In order to help meet picture research needs in the early 20th century, librarians culled portraits from the Print Collection and arranged them alphabetically by subject. The resulting Portrait File collection includes over 71,500 images of notable figures, mainly in American, British, and European history, from ancient times through the time of compilation. As of the mid 20th century, these files are no longer being added to.
A collection comprised largely of images clipped from newspapers and periodical publications (in English, French, German, Dutch, Italian, Spanish and other languages) from the 19th through the early decades of the 20th century, the Portrait File also includes occasional examples of original woodcuts, engravings, etchings, lithographs, and photographs. A few works even stem from the the 18th century and earlier. Together, the images document the rise and distribution during the 19th and 20th centuries of printed portraits in the United States and abroad.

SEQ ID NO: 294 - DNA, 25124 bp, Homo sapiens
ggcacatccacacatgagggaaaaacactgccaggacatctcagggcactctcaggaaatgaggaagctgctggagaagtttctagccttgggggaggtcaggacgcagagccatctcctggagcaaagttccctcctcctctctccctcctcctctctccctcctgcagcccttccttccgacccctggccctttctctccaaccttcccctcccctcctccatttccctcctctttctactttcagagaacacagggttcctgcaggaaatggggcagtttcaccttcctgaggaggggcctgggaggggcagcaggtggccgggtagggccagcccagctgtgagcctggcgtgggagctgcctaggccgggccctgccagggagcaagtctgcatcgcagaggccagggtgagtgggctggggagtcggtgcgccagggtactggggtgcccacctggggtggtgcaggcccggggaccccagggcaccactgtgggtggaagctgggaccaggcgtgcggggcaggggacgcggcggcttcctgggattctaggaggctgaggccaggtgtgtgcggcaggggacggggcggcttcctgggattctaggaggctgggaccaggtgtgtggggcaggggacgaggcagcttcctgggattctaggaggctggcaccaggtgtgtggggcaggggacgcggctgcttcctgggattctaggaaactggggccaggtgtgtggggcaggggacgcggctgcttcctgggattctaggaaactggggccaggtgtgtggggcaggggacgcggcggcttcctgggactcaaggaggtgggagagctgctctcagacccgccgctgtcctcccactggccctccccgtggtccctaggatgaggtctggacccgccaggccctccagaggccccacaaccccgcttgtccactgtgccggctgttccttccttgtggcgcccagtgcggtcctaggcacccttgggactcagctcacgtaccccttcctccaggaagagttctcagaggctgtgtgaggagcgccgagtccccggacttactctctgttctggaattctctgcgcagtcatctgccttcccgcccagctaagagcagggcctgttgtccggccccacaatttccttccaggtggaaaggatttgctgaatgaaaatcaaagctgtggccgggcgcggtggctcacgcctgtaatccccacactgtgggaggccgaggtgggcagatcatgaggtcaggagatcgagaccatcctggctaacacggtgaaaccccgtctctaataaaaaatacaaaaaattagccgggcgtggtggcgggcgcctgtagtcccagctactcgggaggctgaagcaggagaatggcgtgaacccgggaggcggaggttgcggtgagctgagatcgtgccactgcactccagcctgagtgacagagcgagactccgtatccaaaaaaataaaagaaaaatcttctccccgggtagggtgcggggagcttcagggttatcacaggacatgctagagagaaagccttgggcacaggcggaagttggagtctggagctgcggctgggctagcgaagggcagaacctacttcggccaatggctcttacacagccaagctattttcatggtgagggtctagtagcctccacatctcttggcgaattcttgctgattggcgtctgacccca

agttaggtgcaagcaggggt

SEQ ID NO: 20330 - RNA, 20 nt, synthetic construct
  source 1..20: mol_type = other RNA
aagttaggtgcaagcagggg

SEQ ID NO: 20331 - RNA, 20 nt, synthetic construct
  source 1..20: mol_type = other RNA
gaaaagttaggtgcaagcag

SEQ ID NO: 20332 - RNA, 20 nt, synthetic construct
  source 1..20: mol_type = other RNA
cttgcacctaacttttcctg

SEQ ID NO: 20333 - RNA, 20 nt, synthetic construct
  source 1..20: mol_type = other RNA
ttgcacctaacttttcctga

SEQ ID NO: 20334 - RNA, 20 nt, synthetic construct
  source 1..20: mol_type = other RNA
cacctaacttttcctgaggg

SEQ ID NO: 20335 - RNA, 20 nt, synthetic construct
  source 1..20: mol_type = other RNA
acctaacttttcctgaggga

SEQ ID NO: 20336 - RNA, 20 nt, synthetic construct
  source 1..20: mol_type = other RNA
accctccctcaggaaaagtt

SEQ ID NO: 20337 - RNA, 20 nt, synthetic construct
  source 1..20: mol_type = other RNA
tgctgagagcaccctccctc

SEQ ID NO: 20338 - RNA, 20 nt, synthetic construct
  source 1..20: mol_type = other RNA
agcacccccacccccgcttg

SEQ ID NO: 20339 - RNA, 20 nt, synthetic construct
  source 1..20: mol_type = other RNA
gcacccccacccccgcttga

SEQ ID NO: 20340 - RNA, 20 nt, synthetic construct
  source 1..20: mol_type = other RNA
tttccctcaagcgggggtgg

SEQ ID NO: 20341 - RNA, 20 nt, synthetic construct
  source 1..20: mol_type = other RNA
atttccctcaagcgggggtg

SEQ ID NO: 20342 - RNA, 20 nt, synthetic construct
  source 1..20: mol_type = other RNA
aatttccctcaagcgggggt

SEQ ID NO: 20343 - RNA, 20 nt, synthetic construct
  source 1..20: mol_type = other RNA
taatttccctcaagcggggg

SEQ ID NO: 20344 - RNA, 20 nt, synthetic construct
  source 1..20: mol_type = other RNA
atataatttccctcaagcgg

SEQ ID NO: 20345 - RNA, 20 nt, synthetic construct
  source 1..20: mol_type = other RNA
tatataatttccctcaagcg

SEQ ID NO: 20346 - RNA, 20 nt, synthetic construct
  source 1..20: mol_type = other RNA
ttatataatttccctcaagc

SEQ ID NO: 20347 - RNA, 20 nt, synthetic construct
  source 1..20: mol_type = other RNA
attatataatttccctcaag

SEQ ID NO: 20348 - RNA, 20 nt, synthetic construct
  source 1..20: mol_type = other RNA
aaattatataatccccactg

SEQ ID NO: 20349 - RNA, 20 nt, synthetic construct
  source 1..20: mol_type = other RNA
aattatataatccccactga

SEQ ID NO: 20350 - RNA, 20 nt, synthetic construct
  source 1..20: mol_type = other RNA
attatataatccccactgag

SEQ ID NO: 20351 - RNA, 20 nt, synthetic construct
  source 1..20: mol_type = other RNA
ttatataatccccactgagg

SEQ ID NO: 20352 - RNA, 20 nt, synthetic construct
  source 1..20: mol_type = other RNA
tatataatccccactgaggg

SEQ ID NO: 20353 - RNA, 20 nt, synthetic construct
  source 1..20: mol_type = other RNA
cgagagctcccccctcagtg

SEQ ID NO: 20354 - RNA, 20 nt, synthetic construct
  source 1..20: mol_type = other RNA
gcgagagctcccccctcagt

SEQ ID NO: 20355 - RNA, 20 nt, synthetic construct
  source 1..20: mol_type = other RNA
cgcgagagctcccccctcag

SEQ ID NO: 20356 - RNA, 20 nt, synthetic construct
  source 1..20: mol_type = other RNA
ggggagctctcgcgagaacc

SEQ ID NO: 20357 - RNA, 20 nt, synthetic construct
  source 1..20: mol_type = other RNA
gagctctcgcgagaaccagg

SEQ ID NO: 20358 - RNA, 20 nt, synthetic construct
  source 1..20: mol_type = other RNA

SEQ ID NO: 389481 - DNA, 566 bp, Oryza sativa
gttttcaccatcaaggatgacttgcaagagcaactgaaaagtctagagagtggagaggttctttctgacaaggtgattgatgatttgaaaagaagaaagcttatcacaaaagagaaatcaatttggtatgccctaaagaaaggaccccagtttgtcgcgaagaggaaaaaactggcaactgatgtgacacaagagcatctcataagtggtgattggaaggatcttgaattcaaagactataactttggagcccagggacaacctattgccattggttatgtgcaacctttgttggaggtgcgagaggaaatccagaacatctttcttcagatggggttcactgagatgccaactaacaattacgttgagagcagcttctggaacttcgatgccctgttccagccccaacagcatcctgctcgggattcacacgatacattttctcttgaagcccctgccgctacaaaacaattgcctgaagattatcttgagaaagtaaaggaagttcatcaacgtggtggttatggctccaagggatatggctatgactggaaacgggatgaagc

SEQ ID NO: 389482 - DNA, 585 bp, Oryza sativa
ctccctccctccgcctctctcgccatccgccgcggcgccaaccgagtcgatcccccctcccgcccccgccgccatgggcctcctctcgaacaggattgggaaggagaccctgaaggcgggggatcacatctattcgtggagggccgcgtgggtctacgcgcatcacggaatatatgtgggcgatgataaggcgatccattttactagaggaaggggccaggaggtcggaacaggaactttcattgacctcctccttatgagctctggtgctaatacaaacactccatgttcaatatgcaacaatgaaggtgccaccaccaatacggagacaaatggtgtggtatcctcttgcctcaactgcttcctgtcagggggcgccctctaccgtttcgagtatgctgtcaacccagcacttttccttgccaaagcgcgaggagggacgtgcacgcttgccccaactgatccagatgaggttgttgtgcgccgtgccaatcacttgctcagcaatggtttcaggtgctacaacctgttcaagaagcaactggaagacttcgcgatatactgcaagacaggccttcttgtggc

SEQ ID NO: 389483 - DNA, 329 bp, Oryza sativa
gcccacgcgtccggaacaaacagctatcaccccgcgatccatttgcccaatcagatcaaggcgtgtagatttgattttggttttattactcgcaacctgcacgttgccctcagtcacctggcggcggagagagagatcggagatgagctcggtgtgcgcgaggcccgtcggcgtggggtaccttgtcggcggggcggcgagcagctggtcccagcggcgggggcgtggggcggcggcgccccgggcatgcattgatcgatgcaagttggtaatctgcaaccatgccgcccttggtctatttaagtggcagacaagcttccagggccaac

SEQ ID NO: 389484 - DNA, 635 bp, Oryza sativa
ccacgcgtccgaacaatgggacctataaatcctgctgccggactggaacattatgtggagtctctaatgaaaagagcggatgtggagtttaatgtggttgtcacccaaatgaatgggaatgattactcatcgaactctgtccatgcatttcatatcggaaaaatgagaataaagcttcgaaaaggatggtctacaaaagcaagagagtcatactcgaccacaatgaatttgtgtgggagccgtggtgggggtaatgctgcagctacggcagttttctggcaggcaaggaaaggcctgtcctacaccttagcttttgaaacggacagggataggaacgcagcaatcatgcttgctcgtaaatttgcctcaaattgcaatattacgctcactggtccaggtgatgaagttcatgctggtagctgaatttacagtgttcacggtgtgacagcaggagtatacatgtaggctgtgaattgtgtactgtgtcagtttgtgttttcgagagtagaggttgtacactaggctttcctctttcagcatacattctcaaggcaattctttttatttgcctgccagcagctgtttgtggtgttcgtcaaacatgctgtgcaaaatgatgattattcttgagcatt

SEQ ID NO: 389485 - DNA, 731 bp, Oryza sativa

The collection contains a wide array of biographical images related to its approximately 35,000 subjects. These include portraits; political cartoons and caricatures; silhouettes; likenesses captured in sculpture, monuments, coins, and medallions; scenes from life; homes and favorite places; manuscripts, art work, letters, possessions; deaths, funerals, burials, graves; and memorial events and commemorations.
Collection coverage is particularly strong of the British and European monarchy and noble class, European and American military leaders, American presidents and politicians, major personalities of New York City politics and life, and of the luminaries in the arts and sciences in the Americas and abroad. While collection subjects are mainly male, women, especially as holders of hereditary titles, as authors, or as family members of other portrait subjects, make up a significant portion of the collection. The collection documents also a diverse global population including people of African, Asian, and Latin American descent.
In telling the stories of its many subjects, The Portrait File also covers the major milestones of British, European and American history to the early 20th century, giving researchers myriad biographical, historical, and pictorial currents to follow.
Organization is alphabetically by portrait subject. When a subject is represented by many images, it is divided into topical subcategories. Napoleon I, for example, is represented by 1,359 items arranged into 58 topical subcategories such as “As a young officer” and “Campaigns & battles--1804-1805.” About half of the subjects, like Danish poet and novelist Jeppe Aakjær, are represented with just one image.